Patient-reported benefits from patient organization magazines and Internet-based peer support in Ménière’s disease
Received 20 May 2017
Accepted for publication 19 July 2017
Published 26 October 2017 Volume 2017:11 Pages 1851—1857
Checked for plagiarism Yes
Review by Single-blind
Peer reviewer comments 2
Editor who approved publication: Dr Johnny Chen
Vinaya Manchaiah,1–4 Ilmari Pyykkö,5 Jing Zou,5,6 Hilla Levo,7 Erna Kentala7
1Department of Speech and Hearing Sciences, Lamar University, Beaumont, TX, USA; 2Department of Behavioural Sciences and Learning, The Swedish Institute for Disability Research, Linköping University, Linköping, Sweden; 3Audiology India, Mysore, 4Department of Speech and Hearing, School of Allied Health Sciences, Manipal University, Manipal, Karnataka, India; 5Department of Otolaryngology, Hearing and Balance Research Unit, University of Tampere, Tampere, Finland; 6Department of Otolaryngology-Head and Neck Surgery, Center for Otolaryngology-Head & Neck Surgery of Chinese PLA, Changhai Hospital, Second Military Medical University, Shanghai, China; 7Department of Otolaryngology, University of Helsinki, Helsinki, Finland
Objectives: To facilitate self-help, the Finnish Ménière’s Federation (FMF) provides various kinds of support to persons with Ménière’s disease (MD), which includes patient magazines (PM) and Internet-based peer support (iPS). The current study aimed to evaluate the benefits reported by MD patients in terms of PM and iPS.
Method: The study used a cross-sectional survey design with a mixture of structured and open-ended questions administered online. A sample of 185 patients from the FMF membership database provided complete data.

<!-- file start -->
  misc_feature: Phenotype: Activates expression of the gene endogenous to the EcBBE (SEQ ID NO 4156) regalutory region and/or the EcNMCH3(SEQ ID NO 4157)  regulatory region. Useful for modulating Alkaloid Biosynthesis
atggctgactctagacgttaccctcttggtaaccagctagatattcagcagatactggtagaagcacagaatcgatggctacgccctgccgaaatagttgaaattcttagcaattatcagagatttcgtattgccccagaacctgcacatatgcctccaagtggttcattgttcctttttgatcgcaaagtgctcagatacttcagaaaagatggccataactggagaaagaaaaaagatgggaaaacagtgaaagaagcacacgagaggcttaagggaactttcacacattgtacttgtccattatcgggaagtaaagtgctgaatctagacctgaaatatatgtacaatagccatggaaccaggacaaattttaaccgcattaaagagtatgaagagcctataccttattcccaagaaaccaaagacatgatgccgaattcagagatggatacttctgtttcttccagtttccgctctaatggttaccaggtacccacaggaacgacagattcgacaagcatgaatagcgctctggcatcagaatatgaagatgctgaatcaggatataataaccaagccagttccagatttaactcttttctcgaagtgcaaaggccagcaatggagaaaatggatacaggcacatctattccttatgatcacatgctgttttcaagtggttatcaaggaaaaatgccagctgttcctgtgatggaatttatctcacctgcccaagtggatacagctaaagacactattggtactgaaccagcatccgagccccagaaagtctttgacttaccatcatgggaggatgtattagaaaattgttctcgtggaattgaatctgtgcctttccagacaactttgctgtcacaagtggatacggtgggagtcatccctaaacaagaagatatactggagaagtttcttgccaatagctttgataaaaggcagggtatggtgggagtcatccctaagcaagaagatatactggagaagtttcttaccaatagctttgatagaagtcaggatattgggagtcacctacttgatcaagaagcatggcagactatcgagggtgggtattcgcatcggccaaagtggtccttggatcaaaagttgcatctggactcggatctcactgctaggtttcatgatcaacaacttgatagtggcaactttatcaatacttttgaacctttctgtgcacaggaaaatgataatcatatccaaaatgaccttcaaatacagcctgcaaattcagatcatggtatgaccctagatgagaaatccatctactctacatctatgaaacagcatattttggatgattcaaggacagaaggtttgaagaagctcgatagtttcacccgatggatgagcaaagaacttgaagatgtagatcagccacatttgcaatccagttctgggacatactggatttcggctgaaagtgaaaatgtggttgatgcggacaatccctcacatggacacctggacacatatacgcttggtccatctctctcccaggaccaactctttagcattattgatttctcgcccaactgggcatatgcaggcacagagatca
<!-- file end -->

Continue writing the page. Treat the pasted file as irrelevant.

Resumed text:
Results: Ninety-two percent of the respondents rated PM as useful, or very useful. The main benefits of PM included: information on the disease and complaints, information about elements of peer support program, patient’s experience with useful positive case studies, relevant news on MD, and information of activity of the FMF. Of the 185 persons, 68 reported that they did not have a need for peer support as their disease was either in silent phase or did not cause any annoyance. The main reasons for nonuse were: mild disease, personal reasons, and problems in using. Regarding the benefits of iPS, 75% of recent and 64% of chronic MD patients said that they would benefit from such a program. The main benefits of iPS included: reliable information on the disease and its management, peer support useful for coping with the disease, information about managing MD symptoms, information about managing attitude, and information about therapy. Moreover, the study identified different groups of individuals, which included: nonusers of support from patient organizations, those who used the support but did not feel they benefited, and those who used and also benefited from such programs.
Conclusion: The current study results provide some information about the preferences of MD patients regarding different forms of support and could certainly prove helpful while developing wider support strategies.
Keywords: Ménière’s disease, chronic condition, peer support, self-help, self-management
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